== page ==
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This is a free sample. Thanks to Angel at Teavivre!

Just to get it out of the way: I tried finding info one what “embryo” , means to but had no luck.

Frankly, based on the name, I’m surprised I like this more than I thought I would. I can’t say anything more about the taste other than it tastes like buckwheat, but it has a clean and full, roasted wheat-y flavor. It makes a good evening ‘herbal’ cup, and it sits well in the stomach after a big meal. The kernels, after steeping in the tea pot, smell so good.

Boiling 6 min, 0 sec 1 tsp 8 OZ / 236 ML

A baby plant inside a seed is called an embryo, maybe it has something to do with that?

Gooseberry Spoon

What ashmara said. I’m thinking its equivalent to the term “non-degerminated” used on English labels for grains and flours. This means that the germ (embryo) hasn’t been removed meaning 1) the flour has all of the nutrition from the germ and 2) the flour is not as shelf stable because it contains the healthy unsaturated germ oils that have a tendency to go rancid over time.


Thanks, guys! I’m completely unfamiliar with this side of biology and didn’t know how to go about researching.

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Generously given as a free sample. Many thanks to Angel!

Brewed in ceramic gaiwan, had a gongfu session. No rinse. Steeping times: 15, 10, 15, 20, 30, 45, 60; 2 min, 5.

Nearly all of the leaf is dark, dark brown, save for a few golden leaves. They’re short and curly, like black bi luo chun, but thin and without hairs. The dry leaf smells of sweet potato and a hint of chocolate. After the leaf spent a little time in the heated gaiwan bowl, the chocolate note strengthened, and a graham crackers note also appeared. The wet leaf aroma is malty at first; as the session went on, it smelled more like sweet potato.

The liquor has a dark orange color. It is clear and clean-tasting, with a full body but light mouthfeel. The first infusion tastes of sweet potato and malt with clove in the background. Second infusion and onward, the liquor sweetens more and more, consistently tasting of sweet potato. Its texture feels thick and smooth, almost creamy.


Being hongcha, this is a delight to drink on colder, overcast days. Unfortunately, this is only my second keemun – and my first keemun from Teavivre – so I can’t evaluate it fully. I wasn’t wowed by the aroma or the taste, though I did enjoy the full session. I also liked its hug-in-a-cup effect. It reminds me of dian hong. I imagine this would also taste good Western style.

185 °F / 85 °C 4 g 4 OZ / 118 ML

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I began drinking tea because its complexity fascinated me. I love learning about its history, its manufacturing processes, and its place in various cultures.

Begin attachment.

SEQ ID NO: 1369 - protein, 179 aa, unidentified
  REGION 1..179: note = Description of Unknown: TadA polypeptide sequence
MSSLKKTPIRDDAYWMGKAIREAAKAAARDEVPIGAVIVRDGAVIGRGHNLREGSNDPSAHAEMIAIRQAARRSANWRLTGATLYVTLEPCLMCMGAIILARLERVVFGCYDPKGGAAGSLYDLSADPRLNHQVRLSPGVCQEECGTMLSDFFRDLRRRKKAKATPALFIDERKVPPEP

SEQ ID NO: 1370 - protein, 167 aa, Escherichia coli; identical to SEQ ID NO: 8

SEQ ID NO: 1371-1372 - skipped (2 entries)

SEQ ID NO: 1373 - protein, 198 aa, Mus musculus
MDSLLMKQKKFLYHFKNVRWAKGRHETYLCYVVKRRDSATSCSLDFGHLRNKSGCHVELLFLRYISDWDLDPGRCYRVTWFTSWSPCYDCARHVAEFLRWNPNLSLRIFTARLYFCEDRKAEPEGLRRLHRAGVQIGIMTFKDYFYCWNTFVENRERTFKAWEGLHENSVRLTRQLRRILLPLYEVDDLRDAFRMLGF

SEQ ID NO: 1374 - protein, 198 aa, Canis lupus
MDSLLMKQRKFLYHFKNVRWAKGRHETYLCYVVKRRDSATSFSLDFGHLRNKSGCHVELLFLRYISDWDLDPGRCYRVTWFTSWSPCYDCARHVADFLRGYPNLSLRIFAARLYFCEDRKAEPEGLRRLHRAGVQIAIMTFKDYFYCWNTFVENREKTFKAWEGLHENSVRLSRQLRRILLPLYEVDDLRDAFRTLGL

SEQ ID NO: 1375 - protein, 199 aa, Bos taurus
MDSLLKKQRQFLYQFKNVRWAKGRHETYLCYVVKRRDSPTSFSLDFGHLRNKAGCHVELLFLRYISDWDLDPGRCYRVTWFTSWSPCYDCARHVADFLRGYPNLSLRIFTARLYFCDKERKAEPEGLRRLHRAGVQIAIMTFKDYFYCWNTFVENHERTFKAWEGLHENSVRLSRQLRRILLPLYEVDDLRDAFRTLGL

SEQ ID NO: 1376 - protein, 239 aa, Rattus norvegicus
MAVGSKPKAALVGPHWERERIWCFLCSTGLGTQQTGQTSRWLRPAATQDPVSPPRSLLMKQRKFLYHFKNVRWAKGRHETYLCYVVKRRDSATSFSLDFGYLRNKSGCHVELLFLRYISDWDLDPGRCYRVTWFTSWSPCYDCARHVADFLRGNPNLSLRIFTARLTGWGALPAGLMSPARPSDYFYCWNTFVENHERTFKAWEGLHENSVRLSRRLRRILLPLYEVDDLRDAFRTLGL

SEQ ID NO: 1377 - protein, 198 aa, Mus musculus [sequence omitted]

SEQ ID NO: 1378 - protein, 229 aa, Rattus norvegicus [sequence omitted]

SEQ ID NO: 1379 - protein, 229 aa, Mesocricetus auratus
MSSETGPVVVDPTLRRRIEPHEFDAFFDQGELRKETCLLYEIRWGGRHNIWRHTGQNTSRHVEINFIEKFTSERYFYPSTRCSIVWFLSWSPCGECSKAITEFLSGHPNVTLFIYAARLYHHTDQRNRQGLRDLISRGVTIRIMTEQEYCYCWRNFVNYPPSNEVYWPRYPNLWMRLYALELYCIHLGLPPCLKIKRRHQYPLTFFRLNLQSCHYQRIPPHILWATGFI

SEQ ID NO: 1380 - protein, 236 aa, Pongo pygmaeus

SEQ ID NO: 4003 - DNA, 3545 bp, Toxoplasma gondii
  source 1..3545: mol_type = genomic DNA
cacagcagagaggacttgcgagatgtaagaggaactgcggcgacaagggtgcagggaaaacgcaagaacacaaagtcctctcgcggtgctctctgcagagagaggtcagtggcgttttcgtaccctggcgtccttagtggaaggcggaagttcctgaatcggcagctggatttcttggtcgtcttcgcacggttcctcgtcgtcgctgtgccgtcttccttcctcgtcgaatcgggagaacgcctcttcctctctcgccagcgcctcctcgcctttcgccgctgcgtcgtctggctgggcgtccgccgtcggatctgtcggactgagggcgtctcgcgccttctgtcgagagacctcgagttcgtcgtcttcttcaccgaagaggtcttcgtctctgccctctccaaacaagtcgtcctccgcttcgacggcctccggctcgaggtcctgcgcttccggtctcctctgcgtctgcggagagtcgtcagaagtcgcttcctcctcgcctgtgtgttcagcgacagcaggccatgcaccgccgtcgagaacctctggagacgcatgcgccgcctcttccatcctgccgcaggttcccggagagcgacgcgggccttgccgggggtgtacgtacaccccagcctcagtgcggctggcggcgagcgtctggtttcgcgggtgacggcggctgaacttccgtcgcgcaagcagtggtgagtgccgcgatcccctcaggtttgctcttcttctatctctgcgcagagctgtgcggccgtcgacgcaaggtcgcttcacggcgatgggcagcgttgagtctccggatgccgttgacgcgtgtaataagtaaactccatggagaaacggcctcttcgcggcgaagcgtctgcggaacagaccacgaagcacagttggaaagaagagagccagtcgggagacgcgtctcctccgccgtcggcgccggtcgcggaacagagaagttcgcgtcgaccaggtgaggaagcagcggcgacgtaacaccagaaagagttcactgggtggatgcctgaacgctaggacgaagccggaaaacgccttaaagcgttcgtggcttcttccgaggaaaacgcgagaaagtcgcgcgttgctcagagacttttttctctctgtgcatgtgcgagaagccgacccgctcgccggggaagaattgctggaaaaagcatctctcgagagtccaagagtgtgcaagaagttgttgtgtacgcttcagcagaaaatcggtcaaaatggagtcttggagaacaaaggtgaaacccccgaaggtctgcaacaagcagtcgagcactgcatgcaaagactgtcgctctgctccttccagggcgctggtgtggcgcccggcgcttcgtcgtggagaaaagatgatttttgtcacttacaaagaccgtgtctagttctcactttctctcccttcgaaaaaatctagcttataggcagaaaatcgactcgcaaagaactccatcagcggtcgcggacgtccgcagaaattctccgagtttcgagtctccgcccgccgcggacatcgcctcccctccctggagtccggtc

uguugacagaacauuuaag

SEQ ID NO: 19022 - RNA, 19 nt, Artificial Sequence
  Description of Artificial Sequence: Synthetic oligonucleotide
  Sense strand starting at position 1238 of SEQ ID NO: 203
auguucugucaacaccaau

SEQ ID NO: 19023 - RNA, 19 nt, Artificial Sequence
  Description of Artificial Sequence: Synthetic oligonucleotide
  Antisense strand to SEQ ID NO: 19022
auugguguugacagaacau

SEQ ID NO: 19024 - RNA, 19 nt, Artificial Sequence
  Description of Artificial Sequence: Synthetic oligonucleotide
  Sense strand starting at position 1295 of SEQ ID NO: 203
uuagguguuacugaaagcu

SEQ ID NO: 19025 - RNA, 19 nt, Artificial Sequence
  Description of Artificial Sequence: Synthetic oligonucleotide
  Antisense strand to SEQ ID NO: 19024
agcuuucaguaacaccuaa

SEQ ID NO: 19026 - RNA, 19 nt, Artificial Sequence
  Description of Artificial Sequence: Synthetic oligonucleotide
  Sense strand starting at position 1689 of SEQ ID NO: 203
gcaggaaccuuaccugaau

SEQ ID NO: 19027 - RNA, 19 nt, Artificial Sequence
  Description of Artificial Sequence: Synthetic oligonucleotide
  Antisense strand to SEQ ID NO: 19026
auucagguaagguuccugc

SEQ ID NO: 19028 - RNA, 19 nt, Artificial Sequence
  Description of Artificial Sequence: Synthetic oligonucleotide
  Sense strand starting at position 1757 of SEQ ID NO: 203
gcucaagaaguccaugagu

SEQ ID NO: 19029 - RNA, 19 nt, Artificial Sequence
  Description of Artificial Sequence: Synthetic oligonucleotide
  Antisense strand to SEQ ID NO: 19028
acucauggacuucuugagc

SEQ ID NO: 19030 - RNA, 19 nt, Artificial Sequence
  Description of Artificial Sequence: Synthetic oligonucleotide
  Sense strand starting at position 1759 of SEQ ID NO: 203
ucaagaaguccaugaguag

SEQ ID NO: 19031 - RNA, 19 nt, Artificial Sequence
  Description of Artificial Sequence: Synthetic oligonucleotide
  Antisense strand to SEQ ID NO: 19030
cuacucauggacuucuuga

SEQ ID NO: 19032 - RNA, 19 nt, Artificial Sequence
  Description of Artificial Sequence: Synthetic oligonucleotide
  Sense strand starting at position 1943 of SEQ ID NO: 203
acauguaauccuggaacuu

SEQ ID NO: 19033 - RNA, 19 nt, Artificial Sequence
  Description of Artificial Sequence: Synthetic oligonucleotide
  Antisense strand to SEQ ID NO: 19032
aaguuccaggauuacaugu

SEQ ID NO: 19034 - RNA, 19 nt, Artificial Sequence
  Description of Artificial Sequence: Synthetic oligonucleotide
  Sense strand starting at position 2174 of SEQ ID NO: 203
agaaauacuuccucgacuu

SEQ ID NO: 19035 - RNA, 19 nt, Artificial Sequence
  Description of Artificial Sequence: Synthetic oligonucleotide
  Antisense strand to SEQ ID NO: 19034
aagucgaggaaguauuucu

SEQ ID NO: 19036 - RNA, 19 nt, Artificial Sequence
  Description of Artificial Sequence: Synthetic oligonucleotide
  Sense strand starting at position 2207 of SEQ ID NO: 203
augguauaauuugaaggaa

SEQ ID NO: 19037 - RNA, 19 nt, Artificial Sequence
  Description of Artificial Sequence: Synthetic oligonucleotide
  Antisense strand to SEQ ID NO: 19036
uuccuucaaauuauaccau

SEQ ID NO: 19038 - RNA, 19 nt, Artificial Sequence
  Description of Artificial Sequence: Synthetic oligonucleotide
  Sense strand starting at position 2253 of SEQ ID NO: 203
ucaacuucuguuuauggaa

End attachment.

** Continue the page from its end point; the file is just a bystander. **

Japanese greens were my first love and gateway into the world.

My favorite teas are leafhopper oolongs, pu’erh (shou and sheng), and masala chai. My favorite herbal tisanes are spear/peppermint, lavender and chrysanthemum.

I’m currently exploring pu’erh, and any Chinese and Taiwanese teas in general. I’m not much into flavored teas, unlike when I first started. The only teas I truly dislike are fruity tisanes and the ones that have too much fruit. I do like hisbiscus, especially iced.

I like to write nature essays. I’m a birdwatcher as well as a tea enthusiast. The kiwi is one of my favorite birds. I also like Tolkien, Ancient Egypt, and exercising.

IMPORTANT NOTE, PLEASE READ: After two and a half years of having an account here, I will no longer will provide numerical ratings as an addition to the review because the American school system has skewed my thoughts on numbers out of a hundred and the colors throw me off. Curses! My words are more than sufficient. If I really like what I have, I will “recommend”, and if I don’t, “not recommended”.

Key for past ratings:

96-100 I adore absolutely everything about it. A permanent addition to my stash.

90-95 Superb quality and extremely enjoyable, but not something I’d necessarily like to have in my stash (might have to do with personal tastes, depending on what I say in the tasting note).

80-89 Delicious! Pleased with the overall quality.

70-79 Simply, I like it. There are qualities that I find good, but there also are things that aren’t, hence a lower rating that I would have otherwise like to put.

60-69 Overall “meh”. Not necessarily bad, but not necessarily good.

0-59 No.

If there is no rating: I don’t feel experienced enough to rate the tea, or said tea just goes beyond rating (in a positive way).


Westchester, NY